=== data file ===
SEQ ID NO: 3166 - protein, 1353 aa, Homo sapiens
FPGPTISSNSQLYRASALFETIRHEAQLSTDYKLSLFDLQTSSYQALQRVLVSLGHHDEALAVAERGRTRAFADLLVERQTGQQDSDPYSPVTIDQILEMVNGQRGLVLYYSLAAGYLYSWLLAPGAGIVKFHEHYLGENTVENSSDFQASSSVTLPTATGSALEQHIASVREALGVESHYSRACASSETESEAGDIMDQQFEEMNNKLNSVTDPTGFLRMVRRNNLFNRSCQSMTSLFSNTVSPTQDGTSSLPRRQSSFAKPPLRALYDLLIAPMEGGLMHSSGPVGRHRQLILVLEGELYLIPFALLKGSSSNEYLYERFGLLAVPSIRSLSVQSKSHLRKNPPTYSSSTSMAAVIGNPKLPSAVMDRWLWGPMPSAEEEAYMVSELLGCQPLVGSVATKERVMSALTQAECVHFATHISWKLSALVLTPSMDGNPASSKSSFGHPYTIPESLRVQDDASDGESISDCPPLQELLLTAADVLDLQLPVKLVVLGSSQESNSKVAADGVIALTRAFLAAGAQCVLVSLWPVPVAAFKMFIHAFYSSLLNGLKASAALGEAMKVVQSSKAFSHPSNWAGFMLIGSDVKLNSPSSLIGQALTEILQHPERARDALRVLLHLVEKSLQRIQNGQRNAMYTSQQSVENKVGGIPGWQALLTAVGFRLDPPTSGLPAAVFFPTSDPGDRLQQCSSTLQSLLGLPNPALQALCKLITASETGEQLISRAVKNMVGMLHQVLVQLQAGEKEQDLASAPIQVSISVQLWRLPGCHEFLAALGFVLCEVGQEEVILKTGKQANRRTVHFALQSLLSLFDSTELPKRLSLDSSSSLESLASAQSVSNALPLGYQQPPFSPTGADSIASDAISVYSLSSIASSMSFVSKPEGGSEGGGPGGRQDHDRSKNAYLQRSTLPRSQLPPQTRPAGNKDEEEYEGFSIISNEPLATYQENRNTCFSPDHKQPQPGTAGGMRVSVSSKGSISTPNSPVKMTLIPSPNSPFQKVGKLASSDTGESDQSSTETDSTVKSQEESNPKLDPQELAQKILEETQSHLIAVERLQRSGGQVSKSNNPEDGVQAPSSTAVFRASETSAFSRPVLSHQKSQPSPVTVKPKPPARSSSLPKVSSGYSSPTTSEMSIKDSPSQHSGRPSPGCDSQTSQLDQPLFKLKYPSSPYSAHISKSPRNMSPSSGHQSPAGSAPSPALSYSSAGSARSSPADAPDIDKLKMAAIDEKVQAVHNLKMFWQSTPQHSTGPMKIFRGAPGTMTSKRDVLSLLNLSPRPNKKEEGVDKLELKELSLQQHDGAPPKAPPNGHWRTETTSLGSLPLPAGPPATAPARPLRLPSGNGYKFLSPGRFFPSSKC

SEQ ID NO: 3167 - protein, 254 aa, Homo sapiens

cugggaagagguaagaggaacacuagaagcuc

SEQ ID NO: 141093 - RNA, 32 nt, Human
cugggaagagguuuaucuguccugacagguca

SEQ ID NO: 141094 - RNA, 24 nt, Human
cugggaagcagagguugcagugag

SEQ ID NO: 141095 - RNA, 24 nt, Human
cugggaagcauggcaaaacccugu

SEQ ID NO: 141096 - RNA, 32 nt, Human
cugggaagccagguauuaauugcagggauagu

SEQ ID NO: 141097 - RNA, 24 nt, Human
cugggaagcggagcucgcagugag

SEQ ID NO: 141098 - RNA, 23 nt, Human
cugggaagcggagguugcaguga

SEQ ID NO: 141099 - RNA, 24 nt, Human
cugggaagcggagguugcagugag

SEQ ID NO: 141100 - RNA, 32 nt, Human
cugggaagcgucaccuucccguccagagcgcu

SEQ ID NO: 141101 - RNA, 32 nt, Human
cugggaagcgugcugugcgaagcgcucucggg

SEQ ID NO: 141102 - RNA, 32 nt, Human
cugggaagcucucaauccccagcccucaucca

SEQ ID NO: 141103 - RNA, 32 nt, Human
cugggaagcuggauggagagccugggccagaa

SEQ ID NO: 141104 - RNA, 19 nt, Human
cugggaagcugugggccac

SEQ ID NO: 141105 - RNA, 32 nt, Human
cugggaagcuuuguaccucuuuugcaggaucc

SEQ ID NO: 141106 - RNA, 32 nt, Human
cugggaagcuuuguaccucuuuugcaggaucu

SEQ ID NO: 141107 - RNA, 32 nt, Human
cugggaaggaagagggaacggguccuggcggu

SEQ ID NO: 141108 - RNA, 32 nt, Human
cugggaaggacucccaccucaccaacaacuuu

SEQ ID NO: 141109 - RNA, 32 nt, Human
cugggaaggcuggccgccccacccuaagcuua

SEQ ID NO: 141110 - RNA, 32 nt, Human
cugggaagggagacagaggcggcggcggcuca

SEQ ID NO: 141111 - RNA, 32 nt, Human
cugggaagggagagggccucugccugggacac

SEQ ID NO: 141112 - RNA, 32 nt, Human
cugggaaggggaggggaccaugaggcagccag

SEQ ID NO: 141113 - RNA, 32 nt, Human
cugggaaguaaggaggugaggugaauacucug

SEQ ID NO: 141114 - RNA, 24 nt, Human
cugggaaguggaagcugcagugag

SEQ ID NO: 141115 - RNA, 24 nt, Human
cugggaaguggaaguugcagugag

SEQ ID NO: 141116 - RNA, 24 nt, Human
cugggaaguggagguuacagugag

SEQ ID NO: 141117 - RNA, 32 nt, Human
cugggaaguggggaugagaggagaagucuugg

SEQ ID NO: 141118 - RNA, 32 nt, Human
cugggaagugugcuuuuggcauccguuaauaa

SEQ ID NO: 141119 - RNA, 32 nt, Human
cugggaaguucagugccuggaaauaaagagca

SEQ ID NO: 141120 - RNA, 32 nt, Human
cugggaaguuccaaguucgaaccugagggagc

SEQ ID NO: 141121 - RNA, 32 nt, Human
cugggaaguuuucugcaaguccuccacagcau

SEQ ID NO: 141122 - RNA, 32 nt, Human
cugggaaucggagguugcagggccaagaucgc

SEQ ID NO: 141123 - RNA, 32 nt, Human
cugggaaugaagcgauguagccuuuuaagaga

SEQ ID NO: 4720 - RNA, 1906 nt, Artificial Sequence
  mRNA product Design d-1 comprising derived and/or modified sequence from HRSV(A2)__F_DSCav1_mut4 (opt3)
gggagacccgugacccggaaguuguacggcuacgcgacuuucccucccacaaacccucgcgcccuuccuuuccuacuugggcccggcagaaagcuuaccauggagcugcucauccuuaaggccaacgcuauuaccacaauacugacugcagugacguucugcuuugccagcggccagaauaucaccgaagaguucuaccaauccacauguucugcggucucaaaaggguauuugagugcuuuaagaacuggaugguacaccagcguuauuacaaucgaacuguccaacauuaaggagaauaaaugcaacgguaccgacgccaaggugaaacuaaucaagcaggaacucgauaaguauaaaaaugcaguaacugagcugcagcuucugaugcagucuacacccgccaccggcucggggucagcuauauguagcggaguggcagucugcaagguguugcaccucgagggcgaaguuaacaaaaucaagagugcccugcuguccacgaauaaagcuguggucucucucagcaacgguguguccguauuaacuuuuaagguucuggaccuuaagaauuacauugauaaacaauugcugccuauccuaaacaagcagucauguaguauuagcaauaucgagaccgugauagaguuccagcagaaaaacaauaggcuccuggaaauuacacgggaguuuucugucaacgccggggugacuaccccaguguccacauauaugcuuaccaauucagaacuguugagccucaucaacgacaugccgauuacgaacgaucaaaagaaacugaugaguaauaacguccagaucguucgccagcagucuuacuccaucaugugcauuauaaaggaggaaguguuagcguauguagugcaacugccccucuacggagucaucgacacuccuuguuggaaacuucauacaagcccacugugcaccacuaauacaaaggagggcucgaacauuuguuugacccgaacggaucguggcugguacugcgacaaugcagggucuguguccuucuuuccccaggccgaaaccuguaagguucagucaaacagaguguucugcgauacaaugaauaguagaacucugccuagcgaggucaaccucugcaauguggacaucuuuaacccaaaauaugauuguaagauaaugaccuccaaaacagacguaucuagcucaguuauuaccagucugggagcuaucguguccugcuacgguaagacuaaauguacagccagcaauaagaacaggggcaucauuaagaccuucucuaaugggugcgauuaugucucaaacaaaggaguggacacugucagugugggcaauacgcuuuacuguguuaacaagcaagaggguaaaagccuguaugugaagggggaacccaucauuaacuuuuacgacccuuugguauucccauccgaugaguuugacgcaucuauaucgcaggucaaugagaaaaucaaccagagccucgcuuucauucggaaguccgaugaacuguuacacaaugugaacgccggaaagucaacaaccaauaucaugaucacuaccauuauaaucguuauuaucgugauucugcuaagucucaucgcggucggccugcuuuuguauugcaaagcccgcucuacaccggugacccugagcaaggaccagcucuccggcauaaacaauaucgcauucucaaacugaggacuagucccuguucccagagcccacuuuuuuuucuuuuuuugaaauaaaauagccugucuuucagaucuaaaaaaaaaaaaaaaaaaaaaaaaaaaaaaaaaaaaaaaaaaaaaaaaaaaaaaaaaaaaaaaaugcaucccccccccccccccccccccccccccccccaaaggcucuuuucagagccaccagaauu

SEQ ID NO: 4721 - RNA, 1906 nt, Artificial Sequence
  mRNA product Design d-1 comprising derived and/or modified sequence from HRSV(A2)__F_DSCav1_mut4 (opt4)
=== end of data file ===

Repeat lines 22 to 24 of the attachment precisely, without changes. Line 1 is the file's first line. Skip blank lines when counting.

cugggaagcgugcugugcgaagcgcucucggg

SEQ ID NO: 141102 - RNA, 32 nt, Human
cugggaagcucucaauccccagcccucaucca